It is curious.

Annie and the male bonding in the scrape for the first time today.

Second bonding.

Male incubates eggs.

It is 17:30 in California and Annie is incubating the eggs.

There were several large fish on the Dale Hollow Nest when I left the house this afternoon. I was away for approximately 5 hours. The fish are either covered up or were eaten. Rewinding the camera did not help me. Little Middle still has the monofilament line around his legs and talons but he was eating, had a crop, and could move about. Continue to send your best wishes to this wee babe.

‘L’ sent me a note and said that another juvenile fledgling has a hook and line attached to it. This is E20 from the SWFlorida Nest of Harriet and M15. And, I mentioned Ron Magill, because he rescued R2, the youngest of Ron and Rita’s chicks the other day because of fishing line. SWFlorida will have CROW involved if there is a way to lure E19 to the nest. It is difficult once they fly. Here in a week, three known instances of fishing line and/or hooks. It is a growing and tragic problem for wildlife. People need to clean up after themselves, scour the shoreline when they are, get out in boats and get this stuff off the trees and their roots in the water. Please spread the word.

Sharon Dunne posted this image on the SWFL website. I know she will not mind if I share it with you.

There it is. If anyone can help, CROW can and E20s nest is in their region!

One of the most frustrating things that I have written about over the past few years is the need for emergency phone numbers should someone watching a streaming cam see something happening that needs attention. How we get the cams to do this is beyond me. We had some success last year but knowing who to contact is essential.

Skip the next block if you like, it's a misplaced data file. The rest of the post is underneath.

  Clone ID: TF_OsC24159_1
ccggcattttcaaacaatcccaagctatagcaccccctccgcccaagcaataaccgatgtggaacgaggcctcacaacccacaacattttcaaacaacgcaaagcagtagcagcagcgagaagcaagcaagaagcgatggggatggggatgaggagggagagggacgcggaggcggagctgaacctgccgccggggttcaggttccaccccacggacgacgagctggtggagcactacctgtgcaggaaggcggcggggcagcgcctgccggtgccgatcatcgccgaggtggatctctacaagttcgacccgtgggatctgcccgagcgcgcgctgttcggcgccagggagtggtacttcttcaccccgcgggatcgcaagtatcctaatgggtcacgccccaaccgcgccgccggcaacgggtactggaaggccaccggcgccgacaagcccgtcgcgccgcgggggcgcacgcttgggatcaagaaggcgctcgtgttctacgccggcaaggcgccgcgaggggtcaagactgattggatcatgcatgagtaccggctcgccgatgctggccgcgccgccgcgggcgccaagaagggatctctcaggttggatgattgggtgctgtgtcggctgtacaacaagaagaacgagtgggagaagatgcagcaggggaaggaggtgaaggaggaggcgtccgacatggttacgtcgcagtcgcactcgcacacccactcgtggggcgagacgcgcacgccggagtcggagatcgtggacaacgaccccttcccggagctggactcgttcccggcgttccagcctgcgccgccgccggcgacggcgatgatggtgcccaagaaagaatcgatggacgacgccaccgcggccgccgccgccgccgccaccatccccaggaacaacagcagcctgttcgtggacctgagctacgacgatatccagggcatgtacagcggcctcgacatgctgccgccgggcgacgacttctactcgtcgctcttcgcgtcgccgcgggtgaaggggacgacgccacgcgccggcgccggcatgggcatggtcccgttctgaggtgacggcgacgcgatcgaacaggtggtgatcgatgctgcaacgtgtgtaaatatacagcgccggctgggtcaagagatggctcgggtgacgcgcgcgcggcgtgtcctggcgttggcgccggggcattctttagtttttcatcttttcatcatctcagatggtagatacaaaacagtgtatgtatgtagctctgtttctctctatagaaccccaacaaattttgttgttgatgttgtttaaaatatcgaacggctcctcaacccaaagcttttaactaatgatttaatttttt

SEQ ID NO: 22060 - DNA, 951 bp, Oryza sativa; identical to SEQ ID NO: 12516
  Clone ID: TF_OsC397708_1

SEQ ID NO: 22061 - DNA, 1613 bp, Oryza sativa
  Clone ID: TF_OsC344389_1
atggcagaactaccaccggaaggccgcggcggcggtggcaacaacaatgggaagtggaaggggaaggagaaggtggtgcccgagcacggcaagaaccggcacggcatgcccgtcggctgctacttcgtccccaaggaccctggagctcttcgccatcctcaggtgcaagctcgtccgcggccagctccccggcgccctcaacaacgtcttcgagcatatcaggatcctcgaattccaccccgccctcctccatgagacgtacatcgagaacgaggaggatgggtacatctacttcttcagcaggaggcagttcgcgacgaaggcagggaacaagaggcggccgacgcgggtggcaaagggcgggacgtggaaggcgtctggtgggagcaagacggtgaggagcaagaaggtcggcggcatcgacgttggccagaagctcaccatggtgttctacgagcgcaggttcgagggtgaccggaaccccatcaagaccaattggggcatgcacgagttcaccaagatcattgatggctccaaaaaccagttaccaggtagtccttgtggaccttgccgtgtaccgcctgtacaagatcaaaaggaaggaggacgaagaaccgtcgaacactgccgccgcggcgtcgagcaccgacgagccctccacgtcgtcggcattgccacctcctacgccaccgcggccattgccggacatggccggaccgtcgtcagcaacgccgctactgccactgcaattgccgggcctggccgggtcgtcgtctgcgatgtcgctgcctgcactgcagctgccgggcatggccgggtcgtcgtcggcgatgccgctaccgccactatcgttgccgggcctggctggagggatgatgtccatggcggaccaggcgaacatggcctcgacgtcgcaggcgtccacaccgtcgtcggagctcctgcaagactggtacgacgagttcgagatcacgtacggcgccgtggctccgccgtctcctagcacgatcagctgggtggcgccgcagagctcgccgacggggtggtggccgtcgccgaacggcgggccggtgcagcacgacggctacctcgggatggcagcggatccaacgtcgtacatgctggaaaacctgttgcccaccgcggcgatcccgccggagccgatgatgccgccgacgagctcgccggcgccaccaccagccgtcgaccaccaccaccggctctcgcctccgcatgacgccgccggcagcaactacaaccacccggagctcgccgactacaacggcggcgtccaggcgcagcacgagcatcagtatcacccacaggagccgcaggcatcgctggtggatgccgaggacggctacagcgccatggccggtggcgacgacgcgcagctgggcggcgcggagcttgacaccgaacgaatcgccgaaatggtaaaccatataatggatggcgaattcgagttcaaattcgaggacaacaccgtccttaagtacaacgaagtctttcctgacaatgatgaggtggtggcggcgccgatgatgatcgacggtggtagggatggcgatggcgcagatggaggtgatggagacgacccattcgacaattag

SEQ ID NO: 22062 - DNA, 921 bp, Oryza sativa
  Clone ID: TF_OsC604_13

I have not been able to check on all the nests I had hoped to for this posting. I did look at Akecheta and Thunder because they give me a smile and all is well.

Akecheta trying to keep his babies cool.

Everything is fine at the Captiva Osprey nest of Andy and Lena.

There is BTW an osplet in the care of CROW from Captiva but it is from a different nest.

These two have really grown and thrived. Middle has the darkest plumage in the front. Little loves to look over the edge and the feathering is slightly lighter.

DC9 is the cutest, fluffiest little baby – the recent hatch of Mr President and Lotus at the National Arboretum Bald Eagle nest in DC. Just imagine a piece of fishing line here! I bet someone would be up there to make things right in a matter of hours.

Just look at those precious wings, that little fat bottom, and tail. So cuddly.

The two recently hatched babies at the nest at Decorah North, Iowa, are doing alright as well. It is so odd. Some eaglets hatch and appear to be wearing ‘goggles’.